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I just spent two hours changing the settings in each of my campaigns due to Google’s release of Near Match settings into the account interface. Why? Because Google has a bad habit of automatically opting existing campaigns into new features. If you’ve done any work with AdWords then you’re familiar with this game. If you don’t adjust the default settings on new campaigns you will show ads on both search and display, you’ll show on all devices, and anywhere within the country, and now your exact and phrase match keywords will automatically expand to match “close variants, including misspellings, singular/plural forms, stemmings, accents and abbreviations.”

You can find this new setting already in your accounts, however according to Google the feature will not be turned on until mid-May (see AdWords Blogspot post).

Starting in mid-May, phrase and exact match keywords will match close variants, including misspellings, singular/plural forms, stemmings, accents and abbreviations. Based on our research and testing, we believe these changes will be broadly beneficial for users and advertisers.

Why Did I Completely Opt Out of Near Match?

Lack of Control

Let’s just say that when it comes to my pay per click campaigns, I’m a major control freak. I may not insist that you use a coaster for your beer when you come over to watch the Pens dominate the Flyers in game 4 of the NHL semi’s. Did you catch that game last night? The Pens took it 10-3, but I do need 100% control over my PPC campaigns.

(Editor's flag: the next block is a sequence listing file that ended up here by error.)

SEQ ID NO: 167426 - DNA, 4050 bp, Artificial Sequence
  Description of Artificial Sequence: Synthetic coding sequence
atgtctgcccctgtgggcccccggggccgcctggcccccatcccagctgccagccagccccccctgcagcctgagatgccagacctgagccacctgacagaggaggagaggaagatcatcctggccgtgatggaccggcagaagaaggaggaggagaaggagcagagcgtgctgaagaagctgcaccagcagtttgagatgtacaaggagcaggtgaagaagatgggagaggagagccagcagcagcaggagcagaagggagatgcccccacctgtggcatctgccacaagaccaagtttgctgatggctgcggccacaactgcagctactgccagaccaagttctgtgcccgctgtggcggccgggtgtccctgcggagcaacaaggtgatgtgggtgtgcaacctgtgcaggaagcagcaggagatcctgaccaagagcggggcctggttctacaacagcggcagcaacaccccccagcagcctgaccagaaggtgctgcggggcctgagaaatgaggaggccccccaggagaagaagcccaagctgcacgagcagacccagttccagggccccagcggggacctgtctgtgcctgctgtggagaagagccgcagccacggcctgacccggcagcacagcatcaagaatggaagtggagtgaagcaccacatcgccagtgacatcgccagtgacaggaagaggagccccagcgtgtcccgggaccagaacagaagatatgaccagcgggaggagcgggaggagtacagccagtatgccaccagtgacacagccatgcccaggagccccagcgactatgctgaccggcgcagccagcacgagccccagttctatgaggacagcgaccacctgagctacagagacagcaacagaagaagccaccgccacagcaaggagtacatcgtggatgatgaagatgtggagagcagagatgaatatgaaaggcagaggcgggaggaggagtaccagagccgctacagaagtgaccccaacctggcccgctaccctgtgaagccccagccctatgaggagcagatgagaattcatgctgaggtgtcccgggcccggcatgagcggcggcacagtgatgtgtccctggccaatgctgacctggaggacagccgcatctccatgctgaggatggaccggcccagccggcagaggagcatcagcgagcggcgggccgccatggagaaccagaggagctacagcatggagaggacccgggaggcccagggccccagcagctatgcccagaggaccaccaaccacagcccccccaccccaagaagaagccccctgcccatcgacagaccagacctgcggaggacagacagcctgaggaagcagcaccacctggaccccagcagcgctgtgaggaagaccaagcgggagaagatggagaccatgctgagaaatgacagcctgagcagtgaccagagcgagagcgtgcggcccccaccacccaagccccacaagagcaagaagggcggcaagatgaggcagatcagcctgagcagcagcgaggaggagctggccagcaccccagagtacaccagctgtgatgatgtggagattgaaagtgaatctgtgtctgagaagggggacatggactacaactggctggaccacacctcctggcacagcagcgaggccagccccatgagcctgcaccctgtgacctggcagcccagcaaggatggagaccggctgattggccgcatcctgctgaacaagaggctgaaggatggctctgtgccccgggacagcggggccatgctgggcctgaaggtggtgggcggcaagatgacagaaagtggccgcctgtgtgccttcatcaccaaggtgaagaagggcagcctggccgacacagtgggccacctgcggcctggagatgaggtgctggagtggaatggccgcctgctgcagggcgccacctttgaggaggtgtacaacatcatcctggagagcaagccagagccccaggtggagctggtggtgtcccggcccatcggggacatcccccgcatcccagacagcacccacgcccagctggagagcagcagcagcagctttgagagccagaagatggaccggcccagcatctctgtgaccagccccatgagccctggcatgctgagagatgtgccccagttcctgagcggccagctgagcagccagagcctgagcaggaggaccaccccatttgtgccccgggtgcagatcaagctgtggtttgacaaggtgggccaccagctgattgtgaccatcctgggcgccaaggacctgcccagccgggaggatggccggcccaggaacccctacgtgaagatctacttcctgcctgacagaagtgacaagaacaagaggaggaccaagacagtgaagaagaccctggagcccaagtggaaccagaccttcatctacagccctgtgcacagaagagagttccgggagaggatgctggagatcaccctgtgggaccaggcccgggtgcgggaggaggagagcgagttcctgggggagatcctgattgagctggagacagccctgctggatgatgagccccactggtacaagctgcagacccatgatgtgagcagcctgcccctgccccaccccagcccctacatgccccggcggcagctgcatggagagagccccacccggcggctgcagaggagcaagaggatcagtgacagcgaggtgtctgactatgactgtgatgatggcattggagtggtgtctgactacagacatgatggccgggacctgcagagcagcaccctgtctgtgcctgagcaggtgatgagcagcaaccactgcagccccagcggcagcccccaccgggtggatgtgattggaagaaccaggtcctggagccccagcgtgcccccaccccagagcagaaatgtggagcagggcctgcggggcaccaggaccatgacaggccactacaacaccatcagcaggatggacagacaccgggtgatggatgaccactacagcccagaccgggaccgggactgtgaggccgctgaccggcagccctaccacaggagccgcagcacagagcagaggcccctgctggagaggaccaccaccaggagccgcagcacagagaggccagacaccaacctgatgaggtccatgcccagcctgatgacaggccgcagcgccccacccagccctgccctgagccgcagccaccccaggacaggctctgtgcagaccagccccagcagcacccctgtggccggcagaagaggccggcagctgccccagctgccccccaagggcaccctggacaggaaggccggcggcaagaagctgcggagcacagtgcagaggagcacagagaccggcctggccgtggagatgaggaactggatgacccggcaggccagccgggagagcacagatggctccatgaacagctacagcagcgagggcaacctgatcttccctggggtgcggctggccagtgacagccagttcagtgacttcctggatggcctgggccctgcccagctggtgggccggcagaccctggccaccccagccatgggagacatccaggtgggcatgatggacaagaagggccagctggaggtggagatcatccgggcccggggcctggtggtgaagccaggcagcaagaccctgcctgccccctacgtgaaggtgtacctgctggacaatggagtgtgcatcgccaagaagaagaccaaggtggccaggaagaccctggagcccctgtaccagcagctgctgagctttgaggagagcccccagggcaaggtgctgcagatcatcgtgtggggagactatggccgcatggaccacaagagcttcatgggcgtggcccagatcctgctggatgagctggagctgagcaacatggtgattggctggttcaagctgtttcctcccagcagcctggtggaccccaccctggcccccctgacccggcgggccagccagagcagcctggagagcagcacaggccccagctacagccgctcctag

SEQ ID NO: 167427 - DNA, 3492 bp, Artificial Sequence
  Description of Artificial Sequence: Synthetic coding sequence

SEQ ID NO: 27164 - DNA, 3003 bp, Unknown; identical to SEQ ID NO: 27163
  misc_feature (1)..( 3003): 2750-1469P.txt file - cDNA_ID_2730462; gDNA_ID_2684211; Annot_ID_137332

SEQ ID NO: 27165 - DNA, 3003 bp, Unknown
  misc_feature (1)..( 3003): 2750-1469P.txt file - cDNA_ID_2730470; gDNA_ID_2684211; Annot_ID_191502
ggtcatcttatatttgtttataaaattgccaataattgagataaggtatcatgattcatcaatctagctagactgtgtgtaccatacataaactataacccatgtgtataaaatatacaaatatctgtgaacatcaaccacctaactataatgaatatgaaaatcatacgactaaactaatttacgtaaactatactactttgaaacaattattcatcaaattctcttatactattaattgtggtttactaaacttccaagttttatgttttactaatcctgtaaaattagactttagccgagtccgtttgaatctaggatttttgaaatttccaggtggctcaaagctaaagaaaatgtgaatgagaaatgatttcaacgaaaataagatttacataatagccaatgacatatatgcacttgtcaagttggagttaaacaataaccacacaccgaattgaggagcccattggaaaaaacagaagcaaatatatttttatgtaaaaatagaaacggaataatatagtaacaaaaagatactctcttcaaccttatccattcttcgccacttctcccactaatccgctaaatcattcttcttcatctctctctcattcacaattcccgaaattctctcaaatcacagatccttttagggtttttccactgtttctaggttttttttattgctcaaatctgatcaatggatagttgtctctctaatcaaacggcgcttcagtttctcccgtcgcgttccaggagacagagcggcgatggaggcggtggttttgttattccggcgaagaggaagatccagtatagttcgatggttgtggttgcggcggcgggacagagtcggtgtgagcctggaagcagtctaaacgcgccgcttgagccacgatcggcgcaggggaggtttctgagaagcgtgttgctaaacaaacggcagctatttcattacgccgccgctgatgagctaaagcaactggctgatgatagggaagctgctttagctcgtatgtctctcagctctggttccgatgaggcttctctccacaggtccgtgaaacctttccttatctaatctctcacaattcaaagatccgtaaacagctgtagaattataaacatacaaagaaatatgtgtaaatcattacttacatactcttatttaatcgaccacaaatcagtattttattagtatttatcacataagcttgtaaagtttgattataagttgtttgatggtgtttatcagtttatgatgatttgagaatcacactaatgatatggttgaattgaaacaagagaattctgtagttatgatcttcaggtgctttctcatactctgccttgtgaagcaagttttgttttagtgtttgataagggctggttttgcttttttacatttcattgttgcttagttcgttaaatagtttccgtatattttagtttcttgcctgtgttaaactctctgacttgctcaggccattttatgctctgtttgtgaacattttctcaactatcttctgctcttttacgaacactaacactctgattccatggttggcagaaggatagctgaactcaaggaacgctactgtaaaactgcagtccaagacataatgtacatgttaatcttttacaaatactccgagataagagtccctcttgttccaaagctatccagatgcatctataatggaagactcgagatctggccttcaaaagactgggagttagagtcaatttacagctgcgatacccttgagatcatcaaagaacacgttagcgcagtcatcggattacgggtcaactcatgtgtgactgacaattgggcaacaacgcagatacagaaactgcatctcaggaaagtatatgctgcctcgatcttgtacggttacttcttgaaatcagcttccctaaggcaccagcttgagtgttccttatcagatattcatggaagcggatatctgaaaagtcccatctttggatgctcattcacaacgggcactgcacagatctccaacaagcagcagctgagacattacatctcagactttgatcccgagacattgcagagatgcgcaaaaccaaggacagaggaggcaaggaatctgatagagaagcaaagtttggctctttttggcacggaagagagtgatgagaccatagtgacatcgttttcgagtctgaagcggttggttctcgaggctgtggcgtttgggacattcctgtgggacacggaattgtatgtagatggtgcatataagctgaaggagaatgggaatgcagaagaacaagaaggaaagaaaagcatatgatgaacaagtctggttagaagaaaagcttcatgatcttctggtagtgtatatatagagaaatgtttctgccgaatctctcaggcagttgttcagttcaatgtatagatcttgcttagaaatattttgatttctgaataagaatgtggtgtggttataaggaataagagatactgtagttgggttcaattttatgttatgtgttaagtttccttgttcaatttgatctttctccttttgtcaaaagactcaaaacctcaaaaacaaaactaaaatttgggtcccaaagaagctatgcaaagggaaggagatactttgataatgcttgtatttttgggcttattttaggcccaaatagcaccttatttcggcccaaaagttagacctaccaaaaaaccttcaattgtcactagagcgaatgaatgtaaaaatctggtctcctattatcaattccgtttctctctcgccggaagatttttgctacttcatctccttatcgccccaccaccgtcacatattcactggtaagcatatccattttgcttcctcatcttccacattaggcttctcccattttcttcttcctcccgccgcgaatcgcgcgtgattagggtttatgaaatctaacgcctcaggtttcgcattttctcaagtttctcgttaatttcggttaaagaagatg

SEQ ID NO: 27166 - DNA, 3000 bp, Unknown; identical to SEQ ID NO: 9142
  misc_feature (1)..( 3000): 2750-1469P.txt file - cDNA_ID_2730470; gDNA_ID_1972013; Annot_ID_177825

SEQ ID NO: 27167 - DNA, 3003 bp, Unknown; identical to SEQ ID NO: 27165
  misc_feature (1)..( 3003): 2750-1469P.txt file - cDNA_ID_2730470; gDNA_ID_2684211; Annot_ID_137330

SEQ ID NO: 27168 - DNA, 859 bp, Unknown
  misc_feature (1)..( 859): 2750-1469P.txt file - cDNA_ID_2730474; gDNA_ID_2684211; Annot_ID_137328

Unfortunately this new match type lives at the campaign level, so I can’t test it on individual keywords. I can’t use AdWords campaign experiments to accurately test against the old match types. I can’t choose to effect only exact or only phrase. Nope, it’s all or nothing folks. This setting will affect all exact and phrase match keywords in an entire campaign or none at all.

I also lose control over dynamic keyword insertion. I use DKI with exact and phrase match keywords only if I want to control when it works and when it doesn’t. Not to mention I want to ensure that any ad text that shows dynamically is brand safe for my large brands.


Google has left us the option to opt out, which I appreciate. As with any new feature in any tool, there are bound to be bugs at first and I don’t want my accounts to suffer while these bugs are worked out. I work with very large advertisers and the additional traffic that could come in off of these expanded match types could cost my clients hundreds of thousands of dollars in the blink of an eye.

I can’t afford to trust that “near misspellings and close variants” are close enough to convert at my target ROAS. Too risky for me, not to mention the reasons I would use these matches are covered by modified broad match. If I am in the discovery phase of a new account and need to dig up new keywords I will use a mix of modified broad match and negative keywords.

So there you have it, this pay per click nerd will steer clear of the near match setting until there is more info on exactly what it matches to and more options to control it.

What do you think? Will you take the risk?